Hi Physsoc! It seems like forever ago that I was playing foosball in the lounge procrastinating on some homework assignment. Really, it was all just an illusion from the pandemic since I actually graduated with a Bachelor’s in Astronomy, spring of 2021! When I started at UBC, I was involved in Physsoc from my third day into first year, but it wasn’t until my 2nd year that I joined the club as Academic Coordinator and Lounge Manager (2017-2018). From there I became one of two VP Academics (2018-2019) and after a year away on co-op and other things I was Co-President for my final year at UBC (2020-2021).
After graduating, I was still working at my last co-op placement that offered me extensions all the way from when it ended in April 2020 to August 2021! What was this job you might ask? Something technical and physics-y? Nope! I was an assistant working for Transport Canada in the Regional Enforcement Unit mainly focusing on aviation safety and security.
While not related to my degree, I chose this co-op back in 2020, and continued to stay on for over a year because it was close to a hobby of mine that I picked up in 2019: flying planes! From 2019 to now I have flown a number of little single-engine planes and have loved every minute of it! One of the great things after graduating was all the free time that opened up and you can bet I spent every opportunity I had transiting all the way to Langley to hop in a dinky plane from the 70’s and fly beside the awesome mountains we live so close to.
But once the summer started to come to a close, the weather turned rainy and unsuitable for flying and my contract with the government of Canada was ending, it was time to keep moving. Enter in my current job: Research Technician at D-Wave Systems! I have only been here for 6 months but already feel at home. What I love most about my job is that so many concepts I learned in theory, from electrodynamics to statistical mechanics, I get to see and understand in a way that has real world applications! I’ve gotten to learn about cryogenics, quantum chip fabrication, electronic systems, and even a new coding language (LISP if you’re curious)! I get to work hands-on with the quantum computers while also being able to create new projects that I enjoy. I learn something new everyday (mostly from failing once or twice) and still feel like there’s so much more to uncover!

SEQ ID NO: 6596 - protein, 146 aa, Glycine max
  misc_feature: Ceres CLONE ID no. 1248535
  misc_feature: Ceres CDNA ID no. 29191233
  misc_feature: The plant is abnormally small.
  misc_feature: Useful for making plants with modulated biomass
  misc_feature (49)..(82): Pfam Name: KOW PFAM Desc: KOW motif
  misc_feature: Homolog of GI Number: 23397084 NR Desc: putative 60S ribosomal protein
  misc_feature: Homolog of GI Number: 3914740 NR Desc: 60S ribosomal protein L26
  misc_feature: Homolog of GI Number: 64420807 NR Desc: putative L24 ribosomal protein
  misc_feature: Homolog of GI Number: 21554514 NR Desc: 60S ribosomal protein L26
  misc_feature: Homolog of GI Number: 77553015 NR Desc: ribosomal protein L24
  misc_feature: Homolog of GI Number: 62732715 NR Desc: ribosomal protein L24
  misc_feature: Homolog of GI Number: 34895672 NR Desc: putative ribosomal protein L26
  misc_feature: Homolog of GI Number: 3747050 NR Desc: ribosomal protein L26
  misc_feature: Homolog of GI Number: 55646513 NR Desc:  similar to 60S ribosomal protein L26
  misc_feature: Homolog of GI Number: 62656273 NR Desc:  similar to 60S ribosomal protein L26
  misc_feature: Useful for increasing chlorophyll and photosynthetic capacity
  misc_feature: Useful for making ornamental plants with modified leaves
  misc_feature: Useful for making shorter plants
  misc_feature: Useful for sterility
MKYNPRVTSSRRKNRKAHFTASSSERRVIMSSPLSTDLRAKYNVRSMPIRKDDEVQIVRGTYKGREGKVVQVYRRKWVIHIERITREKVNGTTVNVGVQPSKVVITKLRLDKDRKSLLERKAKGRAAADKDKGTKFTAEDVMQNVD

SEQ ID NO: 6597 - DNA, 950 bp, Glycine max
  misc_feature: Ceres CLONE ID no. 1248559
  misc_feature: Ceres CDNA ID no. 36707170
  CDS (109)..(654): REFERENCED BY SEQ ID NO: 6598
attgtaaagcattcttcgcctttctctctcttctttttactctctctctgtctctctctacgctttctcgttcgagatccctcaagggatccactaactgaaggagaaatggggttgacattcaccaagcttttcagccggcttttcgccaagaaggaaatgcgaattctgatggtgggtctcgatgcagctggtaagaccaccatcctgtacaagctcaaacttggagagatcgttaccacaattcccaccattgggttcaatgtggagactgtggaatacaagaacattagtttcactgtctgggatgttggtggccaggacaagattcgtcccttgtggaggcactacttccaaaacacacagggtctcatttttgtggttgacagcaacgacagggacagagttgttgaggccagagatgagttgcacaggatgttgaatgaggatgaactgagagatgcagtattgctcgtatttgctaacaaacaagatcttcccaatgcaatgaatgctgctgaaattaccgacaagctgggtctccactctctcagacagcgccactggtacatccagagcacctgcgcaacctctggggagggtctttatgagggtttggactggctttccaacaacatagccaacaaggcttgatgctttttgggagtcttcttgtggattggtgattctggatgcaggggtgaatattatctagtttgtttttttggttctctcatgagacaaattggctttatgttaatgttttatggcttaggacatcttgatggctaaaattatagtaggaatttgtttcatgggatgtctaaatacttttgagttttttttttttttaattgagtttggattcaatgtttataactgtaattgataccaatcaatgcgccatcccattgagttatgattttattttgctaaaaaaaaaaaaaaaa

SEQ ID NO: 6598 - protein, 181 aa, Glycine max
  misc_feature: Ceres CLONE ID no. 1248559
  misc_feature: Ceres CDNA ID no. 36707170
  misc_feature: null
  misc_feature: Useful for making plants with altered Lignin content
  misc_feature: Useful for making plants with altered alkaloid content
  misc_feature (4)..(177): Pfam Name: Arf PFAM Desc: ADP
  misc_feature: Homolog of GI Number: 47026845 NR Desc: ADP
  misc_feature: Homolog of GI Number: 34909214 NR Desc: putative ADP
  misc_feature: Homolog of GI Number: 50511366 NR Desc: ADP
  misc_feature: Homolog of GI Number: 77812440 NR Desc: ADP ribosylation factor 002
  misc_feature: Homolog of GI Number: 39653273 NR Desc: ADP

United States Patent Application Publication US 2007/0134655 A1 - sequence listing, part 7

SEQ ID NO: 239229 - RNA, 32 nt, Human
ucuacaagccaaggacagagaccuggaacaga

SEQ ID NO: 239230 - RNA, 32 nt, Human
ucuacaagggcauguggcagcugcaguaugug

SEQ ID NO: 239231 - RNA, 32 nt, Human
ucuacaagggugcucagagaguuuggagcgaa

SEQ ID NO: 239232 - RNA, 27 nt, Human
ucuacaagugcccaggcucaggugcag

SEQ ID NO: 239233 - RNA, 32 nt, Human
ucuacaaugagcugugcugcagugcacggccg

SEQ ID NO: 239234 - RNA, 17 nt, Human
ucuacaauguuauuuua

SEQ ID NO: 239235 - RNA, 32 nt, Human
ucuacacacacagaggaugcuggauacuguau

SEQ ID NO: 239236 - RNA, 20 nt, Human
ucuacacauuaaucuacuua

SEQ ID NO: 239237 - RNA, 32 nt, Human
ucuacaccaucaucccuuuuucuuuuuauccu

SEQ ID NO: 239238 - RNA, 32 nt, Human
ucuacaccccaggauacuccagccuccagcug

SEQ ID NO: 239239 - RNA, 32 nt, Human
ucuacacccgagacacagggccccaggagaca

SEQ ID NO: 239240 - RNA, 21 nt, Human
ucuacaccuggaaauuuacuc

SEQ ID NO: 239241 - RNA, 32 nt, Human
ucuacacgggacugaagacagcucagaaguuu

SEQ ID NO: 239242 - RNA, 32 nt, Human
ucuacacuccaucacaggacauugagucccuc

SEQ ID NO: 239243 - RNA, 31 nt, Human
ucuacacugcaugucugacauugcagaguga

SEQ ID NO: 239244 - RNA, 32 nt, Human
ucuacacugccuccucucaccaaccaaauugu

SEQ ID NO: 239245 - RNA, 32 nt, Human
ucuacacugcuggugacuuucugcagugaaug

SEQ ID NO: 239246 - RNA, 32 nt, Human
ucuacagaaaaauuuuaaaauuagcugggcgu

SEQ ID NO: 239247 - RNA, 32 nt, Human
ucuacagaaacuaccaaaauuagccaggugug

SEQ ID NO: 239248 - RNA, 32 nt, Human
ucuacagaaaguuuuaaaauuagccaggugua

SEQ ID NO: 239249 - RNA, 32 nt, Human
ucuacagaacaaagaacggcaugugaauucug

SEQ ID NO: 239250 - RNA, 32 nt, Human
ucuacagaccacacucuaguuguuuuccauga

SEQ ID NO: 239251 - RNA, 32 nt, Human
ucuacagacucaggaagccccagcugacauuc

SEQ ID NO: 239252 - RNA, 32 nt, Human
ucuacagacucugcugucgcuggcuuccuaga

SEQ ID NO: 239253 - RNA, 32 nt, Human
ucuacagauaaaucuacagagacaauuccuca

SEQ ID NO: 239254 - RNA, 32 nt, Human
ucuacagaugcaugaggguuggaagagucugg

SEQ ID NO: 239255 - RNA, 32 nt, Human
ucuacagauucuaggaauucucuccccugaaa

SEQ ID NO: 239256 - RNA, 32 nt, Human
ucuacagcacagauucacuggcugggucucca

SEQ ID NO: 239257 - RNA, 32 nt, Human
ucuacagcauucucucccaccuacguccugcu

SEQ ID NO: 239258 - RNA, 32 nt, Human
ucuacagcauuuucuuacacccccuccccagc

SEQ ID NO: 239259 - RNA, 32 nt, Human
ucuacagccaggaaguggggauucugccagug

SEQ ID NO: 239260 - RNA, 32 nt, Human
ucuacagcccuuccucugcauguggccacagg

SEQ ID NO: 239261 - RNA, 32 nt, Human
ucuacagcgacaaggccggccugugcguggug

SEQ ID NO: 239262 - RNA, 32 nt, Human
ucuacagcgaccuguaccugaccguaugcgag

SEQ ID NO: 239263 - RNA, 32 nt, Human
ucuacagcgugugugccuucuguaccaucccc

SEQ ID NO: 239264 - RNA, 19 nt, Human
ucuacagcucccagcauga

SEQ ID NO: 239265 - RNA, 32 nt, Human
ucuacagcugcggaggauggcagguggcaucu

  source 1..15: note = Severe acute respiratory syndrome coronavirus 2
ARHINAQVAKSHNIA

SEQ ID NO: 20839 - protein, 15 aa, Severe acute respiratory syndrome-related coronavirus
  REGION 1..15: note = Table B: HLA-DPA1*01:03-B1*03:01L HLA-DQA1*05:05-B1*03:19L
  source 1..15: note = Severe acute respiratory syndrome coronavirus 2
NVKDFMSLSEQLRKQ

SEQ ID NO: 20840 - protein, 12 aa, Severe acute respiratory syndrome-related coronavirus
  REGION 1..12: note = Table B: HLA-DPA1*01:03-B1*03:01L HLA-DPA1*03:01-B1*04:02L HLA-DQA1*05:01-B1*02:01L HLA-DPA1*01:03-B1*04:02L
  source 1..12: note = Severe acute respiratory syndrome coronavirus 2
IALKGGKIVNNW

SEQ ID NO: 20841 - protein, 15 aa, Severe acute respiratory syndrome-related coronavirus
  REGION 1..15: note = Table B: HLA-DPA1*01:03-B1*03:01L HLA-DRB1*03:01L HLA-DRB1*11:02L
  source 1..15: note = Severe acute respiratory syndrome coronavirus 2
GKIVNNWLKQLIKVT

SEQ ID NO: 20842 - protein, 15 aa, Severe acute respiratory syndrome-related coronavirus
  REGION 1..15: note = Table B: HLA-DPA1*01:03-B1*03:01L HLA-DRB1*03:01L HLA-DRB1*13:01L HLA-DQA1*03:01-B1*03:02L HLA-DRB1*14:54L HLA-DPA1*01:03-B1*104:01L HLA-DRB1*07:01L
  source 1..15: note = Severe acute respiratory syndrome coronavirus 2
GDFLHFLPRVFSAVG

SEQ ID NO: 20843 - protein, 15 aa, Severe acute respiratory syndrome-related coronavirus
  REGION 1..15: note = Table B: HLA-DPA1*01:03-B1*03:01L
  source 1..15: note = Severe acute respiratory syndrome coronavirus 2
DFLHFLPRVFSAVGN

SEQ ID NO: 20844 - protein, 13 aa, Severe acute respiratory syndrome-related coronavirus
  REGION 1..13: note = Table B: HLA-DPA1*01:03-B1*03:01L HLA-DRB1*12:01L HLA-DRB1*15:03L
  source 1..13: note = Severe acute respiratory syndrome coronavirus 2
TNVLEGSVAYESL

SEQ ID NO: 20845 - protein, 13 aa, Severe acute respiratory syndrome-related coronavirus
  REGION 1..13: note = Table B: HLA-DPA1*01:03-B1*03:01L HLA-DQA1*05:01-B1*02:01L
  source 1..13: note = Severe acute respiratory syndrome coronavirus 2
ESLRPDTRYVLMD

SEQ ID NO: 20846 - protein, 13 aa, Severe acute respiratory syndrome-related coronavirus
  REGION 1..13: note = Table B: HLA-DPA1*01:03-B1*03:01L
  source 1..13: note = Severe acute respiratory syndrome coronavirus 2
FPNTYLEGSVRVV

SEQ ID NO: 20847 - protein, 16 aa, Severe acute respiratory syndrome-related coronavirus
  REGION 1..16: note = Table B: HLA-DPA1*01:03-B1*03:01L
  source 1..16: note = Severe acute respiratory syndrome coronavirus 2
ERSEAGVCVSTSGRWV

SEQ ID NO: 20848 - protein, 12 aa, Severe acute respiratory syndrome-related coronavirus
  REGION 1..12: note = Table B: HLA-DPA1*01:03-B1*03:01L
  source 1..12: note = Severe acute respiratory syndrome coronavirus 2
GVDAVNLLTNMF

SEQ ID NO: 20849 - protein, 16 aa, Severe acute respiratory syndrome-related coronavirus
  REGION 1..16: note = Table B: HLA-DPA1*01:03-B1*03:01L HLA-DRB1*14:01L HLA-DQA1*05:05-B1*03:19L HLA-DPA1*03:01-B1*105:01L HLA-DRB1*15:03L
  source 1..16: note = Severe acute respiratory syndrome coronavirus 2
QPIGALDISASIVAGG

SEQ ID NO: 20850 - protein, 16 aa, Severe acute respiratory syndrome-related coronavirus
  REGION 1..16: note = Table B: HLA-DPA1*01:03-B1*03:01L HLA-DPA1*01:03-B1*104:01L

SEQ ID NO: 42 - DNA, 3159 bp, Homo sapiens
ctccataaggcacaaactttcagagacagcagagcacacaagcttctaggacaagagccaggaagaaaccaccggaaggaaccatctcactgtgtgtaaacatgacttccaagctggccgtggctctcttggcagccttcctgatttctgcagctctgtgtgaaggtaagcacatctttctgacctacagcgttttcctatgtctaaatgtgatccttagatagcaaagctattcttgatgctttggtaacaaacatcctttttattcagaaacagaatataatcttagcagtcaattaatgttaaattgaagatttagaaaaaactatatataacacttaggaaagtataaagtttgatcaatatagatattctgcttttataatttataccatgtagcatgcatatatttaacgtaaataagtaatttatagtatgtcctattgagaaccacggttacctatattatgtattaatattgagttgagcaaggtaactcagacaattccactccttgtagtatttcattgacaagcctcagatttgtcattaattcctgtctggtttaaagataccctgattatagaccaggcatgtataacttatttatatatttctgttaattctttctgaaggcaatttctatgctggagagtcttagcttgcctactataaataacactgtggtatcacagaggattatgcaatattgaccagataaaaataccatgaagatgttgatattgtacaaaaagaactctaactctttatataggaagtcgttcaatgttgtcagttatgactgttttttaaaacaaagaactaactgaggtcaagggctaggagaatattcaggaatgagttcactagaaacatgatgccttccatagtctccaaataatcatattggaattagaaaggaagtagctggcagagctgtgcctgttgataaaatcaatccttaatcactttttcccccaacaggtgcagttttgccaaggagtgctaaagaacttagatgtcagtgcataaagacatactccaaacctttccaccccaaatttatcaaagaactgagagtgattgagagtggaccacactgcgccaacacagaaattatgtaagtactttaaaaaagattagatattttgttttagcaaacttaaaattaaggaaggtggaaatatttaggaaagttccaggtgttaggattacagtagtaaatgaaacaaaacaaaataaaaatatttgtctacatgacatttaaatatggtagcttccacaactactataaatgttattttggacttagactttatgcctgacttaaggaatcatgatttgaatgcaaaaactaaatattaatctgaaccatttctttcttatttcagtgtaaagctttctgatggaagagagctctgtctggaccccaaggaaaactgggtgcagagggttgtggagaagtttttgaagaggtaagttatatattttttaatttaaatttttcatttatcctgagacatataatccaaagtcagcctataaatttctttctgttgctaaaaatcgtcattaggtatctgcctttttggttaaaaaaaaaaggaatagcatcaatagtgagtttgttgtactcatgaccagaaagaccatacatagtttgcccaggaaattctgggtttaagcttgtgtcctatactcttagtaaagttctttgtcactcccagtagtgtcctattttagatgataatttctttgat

From when I started at UBC to now I think I’ve picked up one good lesson. From first and second year, I tried to do everything, insane course loads, two jobs, extracurriculars, the works (I was in combined honours physics and astronomy at this point). Third year, I toned it down a bit, but was still trying so hard and got frustrated every time I got a grade I didn’t think was good enough. I would be so scared about not having any relevant experience or research under my belt, but when my physical health took a turn for the worse at the end of my third year it finally clicked. I spent my co-ops and final year not driving myself into the ground. I focused on enjoying what I was learning and stopped caring so much about my GPA. Now I’m here, working an amazing job that I love and doing hobbies that I truly enjoy.
In the end, what I’m trying to say is that university is a marathon, not a sprint; pace yourself and take breaks! Don’t get caught up on the details of one bad course grade, or hell, if you’re like me, 10. After graduation, in interviews, no one will care about those details if you can show them a better big picture. Just do what you enjoy and are good at and forget how it looks to others because it’s your life not theirs. Switch majors! Take a weird unrelated co-op! Start a hobby that you think is cool! And if you ever need some advice or just want to chat about my weird and non-standard career/university choices feel free to reach out (email@example.com)!
(Oh, and after graduation, enjoy that procrastination hobby guilt-free because you made it!)